Instead of feeling angry or jealous that the crowds following him were getting smaller, John kept on carrying out the role God gave him. He kept on pointing people to Jesus. There is some debate whether the words of verses 31-36 were spoken by John the Baptist or the apostle John whom God divinely inspired to write the Gospel of John. In the end, it really doesn’t matter. Both men continued to serve in their God-given role of pointing people to Jesus as long as God gave them the strength to do so. Both proclaimed that eternal life in heaven comes only through faith in Jesus Christ. Without Jesus we remain under God’s wrath and judgment.
Not long after the events of our lesson, John the Baptist was cast into prison. His time of public ministry ended. Not long after, John would die a martyr’s death. But no matter what his situation was, John continued his mission to point people to the Savior. He was faithful to the very end and now he enjoys eternal life with his Lord in heaven. We pray that our Lord would continue to give us strength to carry out whatever mission he gives us no matter what hardships we face. We believe that Jesus has already completed his mission to save us. Like John, an eternal reward is waiting for us through faith in Jesus.
1 – What complaint did John’s followers have concerning Jesus?
Before Jesus came along huge crowds were coming to John the Baptist to be baptized and to hear him preach. But now that Jesus was also preaching and baptizing he was attracting the bigger crowds. The crowds coming to see John were getting smaller. It didn’t seem right to them that John had worked so hard and now everyone was seemingly turning their back on him.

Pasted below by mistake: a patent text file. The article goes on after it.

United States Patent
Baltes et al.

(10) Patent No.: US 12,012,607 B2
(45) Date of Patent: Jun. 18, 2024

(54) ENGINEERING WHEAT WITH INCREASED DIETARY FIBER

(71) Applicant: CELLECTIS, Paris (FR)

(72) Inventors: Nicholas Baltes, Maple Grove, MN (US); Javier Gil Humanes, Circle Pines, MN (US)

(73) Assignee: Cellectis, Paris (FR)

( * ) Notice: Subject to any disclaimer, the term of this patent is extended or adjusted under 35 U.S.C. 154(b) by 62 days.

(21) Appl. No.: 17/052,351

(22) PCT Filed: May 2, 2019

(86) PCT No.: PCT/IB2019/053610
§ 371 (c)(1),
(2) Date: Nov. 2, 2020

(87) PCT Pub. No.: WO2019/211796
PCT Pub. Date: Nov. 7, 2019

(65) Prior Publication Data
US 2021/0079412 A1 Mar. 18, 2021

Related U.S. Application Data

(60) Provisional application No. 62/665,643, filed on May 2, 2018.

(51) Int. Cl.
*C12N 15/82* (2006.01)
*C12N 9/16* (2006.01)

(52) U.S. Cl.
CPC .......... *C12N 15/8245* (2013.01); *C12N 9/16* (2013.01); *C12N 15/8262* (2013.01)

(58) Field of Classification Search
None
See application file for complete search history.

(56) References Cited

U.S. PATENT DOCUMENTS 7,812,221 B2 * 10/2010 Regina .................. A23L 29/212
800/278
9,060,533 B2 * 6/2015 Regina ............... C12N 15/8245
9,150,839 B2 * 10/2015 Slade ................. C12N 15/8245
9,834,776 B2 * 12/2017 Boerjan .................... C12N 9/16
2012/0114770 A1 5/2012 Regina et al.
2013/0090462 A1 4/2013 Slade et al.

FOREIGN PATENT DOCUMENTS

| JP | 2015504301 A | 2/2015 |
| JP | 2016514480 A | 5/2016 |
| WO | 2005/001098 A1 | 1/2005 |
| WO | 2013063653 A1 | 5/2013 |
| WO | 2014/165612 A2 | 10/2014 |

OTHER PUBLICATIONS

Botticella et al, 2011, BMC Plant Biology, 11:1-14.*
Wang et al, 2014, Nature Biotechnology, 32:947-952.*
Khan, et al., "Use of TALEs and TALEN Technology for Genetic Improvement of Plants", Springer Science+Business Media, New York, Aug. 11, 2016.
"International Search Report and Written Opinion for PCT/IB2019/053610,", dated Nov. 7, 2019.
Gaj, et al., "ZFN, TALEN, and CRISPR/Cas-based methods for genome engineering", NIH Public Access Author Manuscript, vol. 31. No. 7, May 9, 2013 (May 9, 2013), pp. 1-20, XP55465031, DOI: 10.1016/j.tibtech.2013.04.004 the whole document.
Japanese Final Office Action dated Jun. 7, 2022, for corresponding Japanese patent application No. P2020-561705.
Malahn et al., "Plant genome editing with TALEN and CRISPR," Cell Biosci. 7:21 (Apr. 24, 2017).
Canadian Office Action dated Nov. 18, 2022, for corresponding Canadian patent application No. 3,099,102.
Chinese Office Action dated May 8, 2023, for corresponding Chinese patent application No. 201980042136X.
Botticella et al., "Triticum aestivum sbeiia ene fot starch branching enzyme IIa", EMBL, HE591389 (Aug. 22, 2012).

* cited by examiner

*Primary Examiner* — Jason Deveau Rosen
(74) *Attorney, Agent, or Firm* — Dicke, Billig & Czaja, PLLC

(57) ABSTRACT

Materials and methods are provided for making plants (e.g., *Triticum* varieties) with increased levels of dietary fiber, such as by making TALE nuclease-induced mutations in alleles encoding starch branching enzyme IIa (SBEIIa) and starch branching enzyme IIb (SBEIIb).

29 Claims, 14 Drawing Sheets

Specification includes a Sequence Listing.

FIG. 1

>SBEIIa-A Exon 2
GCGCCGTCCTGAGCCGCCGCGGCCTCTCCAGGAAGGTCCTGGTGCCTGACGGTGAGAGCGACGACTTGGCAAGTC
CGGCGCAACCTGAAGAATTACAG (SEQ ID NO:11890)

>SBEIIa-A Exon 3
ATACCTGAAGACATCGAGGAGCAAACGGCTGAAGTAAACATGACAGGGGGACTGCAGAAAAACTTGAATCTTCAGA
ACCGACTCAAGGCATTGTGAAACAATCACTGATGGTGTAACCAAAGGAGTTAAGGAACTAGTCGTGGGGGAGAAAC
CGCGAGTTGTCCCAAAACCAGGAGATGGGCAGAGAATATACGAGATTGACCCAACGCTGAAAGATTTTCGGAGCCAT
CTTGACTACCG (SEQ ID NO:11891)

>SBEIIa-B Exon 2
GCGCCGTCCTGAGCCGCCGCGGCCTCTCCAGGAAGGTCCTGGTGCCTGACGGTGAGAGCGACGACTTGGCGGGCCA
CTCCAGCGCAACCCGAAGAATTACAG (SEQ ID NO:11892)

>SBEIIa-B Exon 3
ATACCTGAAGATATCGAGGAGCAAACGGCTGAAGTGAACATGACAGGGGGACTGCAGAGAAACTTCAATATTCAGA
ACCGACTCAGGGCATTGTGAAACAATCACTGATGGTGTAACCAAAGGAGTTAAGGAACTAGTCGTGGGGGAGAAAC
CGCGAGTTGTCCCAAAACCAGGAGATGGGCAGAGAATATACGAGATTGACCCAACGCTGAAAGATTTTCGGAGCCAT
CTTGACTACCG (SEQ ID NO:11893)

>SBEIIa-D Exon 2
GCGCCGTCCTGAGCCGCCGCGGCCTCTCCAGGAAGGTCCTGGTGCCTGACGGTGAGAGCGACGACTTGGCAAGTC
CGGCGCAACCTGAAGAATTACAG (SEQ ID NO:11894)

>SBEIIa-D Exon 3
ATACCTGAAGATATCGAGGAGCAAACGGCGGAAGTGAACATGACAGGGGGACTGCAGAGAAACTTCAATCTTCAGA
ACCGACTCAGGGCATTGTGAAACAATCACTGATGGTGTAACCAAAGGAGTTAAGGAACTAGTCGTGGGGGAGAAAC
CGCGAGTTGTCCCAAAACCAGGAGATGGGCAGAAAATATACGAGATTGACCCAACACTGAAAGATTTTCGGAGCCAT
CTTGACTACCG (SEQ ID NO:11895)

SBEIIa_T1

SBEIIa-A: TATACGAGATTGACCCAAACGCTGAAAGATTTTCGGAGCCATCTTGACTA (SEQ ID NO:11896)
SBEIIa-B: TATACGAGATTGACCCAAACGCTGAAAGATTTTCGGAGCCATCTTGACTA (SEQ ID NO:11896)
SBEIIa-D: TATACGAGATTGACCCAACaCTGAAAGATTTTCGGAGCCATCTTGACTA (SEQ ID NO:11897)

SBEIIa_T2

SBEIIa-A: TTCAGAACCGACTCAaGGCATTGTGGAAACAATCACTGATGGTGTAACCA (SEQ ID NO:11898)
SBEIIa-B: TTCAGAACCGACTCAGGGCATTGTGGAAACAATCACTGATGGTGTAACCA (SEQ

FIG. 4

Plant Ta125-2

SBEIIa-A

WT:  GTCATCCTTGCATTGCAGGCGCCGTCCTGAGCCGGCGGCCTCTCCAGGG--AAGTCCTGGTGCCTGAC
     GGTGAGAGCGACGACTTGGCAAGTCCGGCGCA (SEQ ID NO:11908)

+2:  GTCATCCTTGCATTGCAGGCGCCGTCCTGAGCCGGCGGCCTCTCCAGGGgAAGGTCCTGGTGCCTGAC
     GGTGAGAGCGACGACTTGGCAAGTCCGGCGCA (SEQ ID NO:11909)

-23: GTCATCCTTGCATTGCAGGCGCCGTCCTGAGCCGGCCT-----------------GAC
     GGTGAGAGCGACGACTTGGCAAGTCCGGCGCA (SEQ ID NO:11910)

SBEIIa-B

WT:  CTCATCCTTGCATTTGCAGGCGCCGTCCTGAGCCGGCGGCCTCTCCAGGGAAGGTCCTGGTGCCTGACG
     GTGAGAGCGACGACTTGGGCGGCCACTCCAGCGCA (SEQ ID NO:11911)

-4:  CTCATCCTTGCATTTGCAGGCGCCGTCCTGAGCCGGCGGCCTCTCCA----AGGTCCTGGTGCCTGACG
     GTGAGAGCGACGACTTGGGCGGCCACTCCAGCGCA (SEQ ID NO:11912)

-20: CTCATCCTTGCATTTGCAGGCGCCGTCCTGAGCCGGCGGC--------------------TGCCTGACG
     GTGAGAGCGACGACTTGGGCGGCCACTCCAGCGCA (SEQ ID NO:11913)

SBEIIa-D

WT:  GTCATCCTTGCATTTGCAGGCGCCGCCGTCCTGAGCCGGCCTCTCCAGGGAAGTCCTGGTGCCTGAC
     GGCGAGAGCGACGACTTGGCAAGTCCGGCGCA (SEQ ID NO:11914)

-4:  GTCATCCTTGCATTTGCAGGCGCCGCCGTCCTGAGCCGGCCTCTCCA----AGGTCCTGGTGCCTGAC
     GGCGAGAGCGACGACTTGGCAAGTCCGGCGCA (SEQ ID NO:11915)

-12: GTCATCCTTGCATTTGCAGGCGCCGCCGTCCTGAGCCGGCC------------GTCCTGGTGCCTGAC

2 – How did John answer his disciples?
John knew that his role was to prepare the way for Jesus by calling people to repent of their sins and trust in the Savior God was about to provide. Now the Savior had come. John could not help but be glad that people were now going to Jesus. John confessed again he was not the Christ. He could not save anyone. Only Jesus could bring forgiveness of sins and eternal life in heaven.
3 – What does John’s answer say to us when we become jealous of others who seem to have greater gifts and enjoy greater success in service to the Lord?
We are not here to bring glory to ourselves. We are God’s servants. Our goal is to give glory to God by pointing people to Jesus as their Savior. If someone else seems to be enjoying greater success than we do in this work we should be glad. God is being glorified by their work as he is being glorified by our work. In the Parable of the Talents in Matthew 25:14-30 one servant was given five talents and another was given two. The one who had five talents served God faithfully by earning five more. The one with two talents worked hard and earned two more talents. In the end the master (God) commended both of them for their faithful service. As God’s people we should faithfully serve our Lord with whatever gifts he has given us. We should give thanks for our opportunities to serve and for the co-workers in Christ who serve along with us.
If you have any questions about the Word of God we studied in this lesson please contact Pastor Greg Tobison. You can send your questions to email@example.com.